Thursday, March 18, 2010
© Copyright 2015
U.S. Rep. Sanford Bishop, D-Albany, speaks to Bill Waller, an
organizer of the grass roots tea party movement and co-chair of the district Freedomworks chapter, at a breakfast event Tuesday.
Support from Bishop and other Democrats who are currently on the fence will be key if the measure is to make it out of the House.
Fellow Georgia Blue Dog Democrats Jim Marshall, D-Macon, and John Barrow, D-Augusta, are expected to vote against the bill.
Thursday afternoon, Bishop's Press Chief Jennie Gibson told the Herald that the congressman was "still undecided until he has a chance to read the bill."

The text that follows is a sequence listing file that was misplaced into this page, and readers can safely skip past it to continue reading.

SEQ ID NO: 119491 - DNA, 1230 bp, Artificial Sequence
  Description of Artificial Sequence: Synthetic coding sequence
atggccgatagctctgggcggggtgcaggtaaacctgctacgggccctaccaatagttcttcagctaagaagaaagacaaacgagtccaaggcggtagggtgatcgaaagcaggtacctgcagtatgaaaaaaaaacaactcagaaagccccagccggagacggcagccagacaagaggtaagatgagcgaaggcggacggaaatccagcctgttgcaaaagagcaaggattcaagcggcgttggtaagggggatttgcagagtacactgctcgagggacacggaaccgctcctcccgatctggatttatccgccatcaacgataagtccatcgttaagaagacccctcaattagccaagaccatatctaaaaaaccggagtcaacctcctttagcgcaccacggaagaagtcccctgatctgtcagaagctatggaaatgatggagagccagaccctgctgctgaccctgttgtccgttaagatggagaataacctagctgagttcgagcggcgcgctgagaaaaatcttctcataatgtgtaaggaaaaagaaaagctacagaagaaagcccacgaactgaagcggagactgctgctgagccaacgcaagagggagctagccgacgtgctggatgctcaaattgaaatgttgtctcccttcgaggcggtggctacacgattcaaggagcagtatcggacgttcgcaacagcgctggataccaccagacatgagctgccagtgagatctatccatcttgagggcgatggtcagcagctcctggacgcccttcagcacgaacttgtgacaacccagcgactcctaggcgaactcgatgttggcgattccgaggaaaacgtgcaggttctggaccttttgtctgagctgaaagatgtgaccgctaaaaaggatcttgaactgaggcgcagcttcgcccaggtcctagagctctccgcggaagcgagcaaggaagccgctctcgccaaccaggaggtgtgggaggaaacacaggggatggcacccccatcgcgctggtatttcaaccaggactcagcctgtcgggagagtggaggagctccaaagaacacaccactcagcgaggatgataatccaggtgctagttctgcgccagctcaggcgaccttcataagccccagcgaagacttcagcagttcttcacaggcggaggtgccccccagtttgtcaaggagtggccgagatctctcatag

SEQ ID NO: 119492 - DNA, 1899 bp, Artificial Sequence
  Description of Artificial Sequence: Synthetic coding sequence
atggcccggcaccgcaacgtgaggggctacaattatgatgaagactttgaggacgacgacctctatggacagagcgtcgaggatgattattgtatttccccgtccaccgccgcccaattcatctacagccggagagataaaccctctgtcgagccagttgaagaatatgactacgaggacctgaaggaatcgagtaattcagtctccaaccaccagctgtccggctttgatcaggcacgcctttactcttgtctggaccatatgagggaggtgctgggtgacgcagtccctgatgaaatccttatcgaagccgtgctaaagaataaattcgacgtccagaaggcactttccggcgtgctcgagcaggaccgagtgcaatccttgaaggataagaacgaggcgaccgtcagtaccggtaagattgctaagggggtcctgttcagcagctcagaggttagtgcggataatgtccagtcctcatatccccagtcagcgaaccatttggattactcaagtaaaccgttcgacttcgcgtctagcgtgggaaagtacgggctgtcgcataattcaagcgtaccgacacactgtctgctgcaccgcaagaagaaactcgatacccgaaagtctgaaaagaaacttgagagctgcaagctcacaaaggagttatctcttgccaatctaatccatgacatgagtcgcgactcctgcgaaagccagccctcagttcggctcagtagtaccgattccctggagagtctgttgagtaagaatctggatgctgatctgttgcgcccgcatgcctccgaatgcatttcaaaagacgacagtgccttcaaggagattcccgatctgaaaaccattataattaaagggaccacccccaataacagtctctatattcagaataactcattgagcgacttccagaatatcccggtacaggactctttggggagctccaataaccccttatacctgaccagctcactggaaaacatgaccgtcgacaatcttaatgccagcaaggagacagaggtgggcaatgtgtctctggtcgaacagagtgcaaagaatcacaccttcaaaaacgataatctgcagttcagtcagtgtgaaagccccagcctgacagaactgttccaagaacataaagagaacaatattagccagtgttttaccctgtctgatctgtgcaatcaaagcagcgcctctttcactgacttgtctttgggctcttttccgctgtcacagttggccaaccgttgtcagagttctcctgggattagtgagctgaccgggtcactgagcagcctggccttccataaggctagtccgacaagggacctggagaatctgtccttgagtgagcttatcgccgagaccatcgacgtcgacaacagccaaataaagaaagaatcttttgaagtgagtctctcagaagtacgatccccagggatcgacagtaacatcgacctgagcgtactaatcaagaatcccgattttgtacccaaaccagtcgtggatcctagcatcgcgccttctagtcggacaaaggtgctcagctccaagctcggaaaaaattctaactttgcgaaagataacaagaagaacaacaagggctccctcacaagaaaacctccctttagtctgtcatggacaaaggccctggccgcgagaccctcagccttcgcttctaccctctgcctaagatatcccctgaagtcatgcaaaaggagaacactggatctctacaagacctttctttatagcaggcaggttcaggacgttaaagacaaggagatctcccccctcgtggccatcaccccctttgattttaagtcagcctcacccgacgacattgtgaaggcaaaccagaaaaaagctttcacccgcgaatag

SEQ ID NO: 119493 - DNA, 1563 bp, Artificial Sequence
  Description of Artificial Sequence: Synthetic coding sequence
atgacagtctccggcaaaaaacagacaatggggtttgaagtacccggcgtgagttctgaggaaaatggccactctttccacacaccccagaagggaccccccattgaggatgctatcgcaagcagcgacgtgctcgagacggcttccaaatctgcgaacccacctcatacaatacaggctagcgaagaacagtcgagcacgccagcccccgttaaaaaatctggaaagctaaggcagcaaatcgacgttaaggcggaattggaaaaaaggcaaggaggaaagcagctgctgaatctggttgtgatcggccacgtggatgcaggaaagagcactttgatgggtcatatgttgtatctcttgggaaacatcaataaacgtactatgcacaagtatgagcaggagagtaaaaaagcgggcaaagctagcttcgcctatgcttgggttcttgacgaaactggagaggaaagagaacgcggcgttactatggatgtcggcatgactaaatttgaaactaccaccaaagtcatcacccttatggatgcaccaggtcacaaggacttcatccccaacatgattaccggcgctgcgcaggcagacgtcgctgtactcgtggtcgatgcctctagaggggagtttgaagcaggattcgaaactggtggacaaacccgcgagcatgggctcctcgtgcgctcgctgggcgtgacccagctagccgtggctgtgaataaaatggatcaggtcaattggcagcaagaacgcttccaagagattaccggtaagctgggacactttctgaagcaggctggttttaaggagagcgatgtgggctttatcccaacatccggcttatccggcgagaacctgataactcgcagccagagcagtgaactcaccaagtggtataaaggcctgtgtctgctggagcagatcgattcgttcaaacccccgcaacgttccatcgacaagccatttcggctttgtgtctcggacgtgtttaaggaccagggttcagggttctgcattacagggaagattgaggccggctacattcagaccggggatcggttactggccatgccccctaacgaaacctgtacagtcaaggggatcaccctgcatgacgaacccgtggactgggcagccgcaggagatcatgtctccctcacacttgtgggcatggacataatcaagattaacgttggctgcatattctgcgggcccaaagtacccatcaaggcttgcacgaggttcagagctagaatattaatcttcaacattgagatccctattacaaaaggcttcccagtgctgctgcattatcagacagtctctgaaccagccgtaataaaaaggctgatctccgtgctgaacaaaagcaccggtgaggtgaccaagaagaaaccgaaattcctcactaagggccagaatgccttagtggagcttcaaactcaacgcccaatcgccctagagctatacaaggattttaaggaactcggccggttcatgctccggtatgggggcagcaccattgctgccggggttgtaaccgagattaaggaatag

Gibson confirmed media reports that Bishop had concerns that language in the bill passed by the Senate on Christmas Eve didn't have strong enough language to ensure that tax dollars didn't fund abortions.
A vote on the measure will likely come as soon as Sunday, officials say. House rules bar officials from voting on the bill for 72 hours after it has been distributed to the public.
According to the non-partisan Congressional Budget Office, preliminary estimates of the revised bill show it will cost roughly $940 billion over the next 10 years and reduce the deficit by $180 billion in the first 10 years and $1.8 trillion in the next 20 years.